The Sims 4: Seasons

I love this new expansion pack! It’s adding so much to a game I’ve been enjoying for nearly three years.

I love the bees, and I love the umbrellas. (Although, why is an umbrella stand an appliance, instead of an item of storage?) I love that sims automatically open umbrellas (once you’ve chosen one from the umbrella stand “appliance”) whenever it starts raining. (I learned the hard way, after breaking two umbrellas, to return the umbrella to the stand before going out in a thunderstorm.) How is it that a sim is always carrying around an invisible umbrella, ready for the next raindrop, with both hands free? The Sims 4 is a weird game, that’s how.

Umbrellas

Dinner in the rain (The sim on the right was created by Deligracy.)

After I installed Seasons, I was asked to choose a starting season. Phillip and I chose Summer together. (I suppose if I played several short games, this might mean something, but I’m playing one, continuous game.) I’ve made it through an entire sim-year now (a total of 28 sim-days), and it’s now Summer again.

Heat wave in the city

Heat wave in the city

There’s a large vacant area in the corner of Newcrest that’s always bugged me. It’s an enormous lot with grass and walkways, next to a playground and picnic area, with nothing in it. You can’t build anything in it, and there’s nothing to do there – there’s not even plants to harvest, hidden things to explore, or rocks to dig. Now, with Seasons, skating rinks and seasonal food stalls show up to put spaces, like this one, to good use. I’m pleased with that.

Skate Rink

A skate rink in Newcrest

I love the holidays and the new calendar. It’s nice being able to see the upcoming work schedule of every sim in the household in one place. I’ve heard that you can now schedule parties for a future time and date (as opposed to the party starting the moment the invitations are sent out), and that makes sense, but I haven’t tried it out yet.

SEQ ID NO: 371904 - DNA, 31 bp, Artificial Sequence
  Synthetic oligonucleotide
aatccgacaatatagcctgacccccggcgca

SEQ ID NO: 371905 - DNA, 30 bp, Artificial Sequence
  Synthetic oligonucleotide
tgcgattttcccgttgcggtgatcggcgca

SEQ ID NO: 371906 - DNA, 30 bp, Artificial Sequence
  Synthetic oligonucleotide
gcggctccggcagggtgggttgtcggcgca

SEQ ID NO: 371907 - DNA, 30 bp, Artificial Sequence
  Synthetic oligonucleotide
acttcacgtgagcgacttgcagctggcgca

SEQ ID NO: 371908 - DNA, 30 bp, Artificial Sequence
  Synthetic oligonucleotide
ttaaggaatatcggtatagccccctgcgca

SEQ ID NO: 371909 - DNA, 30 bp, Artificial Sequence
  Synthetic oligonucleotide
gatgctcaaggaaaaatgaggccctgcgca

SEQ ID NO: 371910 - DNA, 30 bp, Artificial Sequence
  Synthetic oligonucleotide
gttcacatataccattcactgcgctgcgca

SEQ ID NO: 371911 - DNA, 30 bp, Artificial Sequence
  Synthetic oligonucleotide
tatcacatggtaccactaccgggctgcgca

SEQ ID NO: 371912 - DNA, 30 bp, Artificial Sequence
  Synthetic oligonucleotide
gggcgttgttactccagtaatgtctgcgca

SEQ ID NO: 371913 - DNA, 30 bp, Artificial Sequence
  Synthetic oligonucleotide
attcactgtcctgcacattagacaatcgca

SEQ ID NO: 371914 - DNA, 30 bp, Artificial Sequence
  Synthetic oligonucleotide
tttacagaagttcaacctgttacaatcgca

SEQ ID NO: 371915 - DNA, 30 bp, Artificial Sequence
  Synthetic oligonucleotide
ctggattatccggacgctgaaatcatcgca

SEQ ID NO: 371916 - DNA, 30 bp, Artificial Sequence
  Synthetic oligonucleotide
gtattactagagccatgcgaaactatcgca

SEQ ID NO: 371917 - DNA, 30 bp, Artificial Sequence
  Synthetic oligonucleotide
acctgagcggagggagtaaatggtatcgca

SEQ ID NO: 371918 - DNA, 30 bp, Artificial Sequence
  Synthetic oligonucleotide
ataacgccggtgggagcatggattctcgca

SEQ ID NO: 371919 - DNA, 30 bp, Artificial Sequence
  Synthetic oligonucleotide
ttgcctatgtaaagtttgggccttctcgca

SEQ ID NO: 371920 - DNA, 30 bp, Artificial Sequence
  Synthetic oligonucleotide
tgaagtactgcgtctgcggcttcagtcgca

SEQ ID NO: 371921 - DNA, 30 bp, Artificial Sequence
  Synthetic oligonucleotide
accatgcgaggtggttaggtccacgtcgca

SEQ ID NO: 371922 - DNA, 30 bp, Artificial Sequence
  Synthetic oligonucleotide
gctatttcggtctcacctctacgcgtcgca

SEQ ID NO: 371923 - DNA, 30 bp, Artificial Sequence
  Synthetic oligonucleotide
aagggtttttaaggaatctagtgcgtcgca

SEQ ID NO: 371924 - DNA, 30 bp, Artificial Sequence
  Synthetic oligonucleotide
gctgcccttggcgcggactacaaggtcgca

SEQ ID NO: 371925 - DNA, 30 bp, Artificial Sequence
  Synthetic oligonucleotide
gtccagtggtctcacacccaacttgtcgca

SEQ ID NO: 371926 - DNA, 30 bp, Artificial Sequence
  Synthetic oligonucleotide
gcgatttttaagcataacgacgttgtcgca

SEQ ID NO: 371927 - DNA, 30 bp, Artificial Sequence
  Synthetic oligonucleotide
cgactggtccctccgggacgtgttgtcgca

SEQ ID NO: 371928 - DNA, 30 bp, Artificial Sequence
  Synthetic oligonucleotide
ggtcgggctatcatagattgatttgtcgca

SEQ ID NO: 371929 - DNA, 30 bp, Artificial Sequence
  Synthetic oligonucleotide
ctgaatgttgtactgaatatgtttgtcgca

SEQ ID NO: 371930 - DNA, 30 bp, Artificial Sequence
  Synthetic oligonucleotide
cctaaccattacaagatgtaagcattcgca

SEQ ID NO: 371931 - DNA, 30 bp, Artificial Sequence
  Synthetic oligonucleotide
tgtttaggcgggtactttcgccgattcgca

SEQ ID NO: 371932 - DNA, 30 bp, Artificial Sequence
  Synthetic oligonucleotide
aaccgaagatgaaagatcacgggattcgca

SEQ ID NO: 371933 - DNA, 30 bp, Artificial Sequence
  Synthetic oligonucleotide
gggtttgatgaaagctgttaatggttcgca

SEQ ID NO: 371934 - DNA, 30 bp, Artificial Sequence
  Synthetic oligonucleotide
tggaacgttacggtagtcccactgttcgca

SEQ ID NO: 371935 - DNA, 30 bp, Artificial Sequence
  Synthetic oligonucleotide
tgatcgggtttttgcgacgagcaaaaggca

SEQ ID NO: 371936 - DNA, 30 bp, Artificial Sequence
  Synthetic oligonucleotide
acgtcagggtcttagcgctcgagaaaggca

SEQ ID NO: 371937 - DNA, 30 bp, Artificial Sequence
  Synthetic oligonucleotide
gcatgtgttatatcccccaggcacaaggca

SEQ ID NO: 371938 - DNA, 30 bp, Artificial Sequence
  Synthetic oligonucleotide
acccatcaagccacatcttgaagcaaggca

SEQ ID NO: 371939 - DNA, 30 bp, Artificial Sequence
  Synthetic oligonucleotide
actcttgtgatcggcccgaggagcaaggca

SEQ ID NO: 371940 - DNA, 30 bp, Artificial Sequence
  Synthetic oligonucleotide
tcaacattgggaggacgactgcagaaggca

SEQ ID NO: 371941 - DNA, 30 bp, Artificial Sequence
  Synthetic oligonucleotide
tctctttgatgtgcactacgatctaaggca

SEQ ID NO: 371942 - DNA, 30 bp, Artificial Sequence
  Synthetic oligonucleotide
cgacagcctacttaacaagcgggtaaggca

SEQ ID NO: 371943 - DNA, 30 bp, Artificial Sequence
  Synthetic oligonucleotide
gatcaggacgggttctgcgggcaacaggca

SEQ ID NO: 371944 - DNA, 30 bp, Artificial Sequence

Winterfest

Winterfest

The thing that excites me the most about Seasons is the improved lighting effects. The Sims 4 has always been a beautiful game, with a nice balance between cartoonish and realistic.  As much as I love playing the game, I love looking at it. I love taking screenshots of this game. I love the little details like how sunlight through windows makes shapes on the floor, and how beams of light come through the trees. Now, with Seasons, colors have become muted – less garish. Light changes with the season and with the weather. Moonlight on snow looks, and feels, different from moonlight in the jungle. You can tell it’s a cloudy day without looking up at the sky.

Fall fishing

Fishing on an overcast Fall morning

Yes, I am loving this new expansion pack, and I’m still discovering all its features.

The Sims 4 Is A Weird Game, Part 3

The Sims 4 has some beautiful kitchen counters and cabinets. You can build a variety of kitchen layouts and styles. Sims can’t actually open the drawers, but that’s all right with me. It’s only a game, with the limitations that come with a computer game.

Traditional Kitchen

Ah, the country life!

Modern Kitchen

Ah, the city life!

But it’s probably a good thing that Sims can’t open drawers, because most of the kitchen islands have the drawers on the wrong side.

Backwards 1

Backwards 2

If a Sim needed to retrieve anything from an island drawer, they’d have to first ask the Sim sitting there to get up, and then they’d have to move the stool out of the way. And if they needed to retrieve anything from the top drawer, they’d have to pull the drawer all the way out to clear the island’s overhang.

The Tall Order, Modern Victorian, and S. Cargeaux kitchen island styles avoid the problem by not having drawers on either side.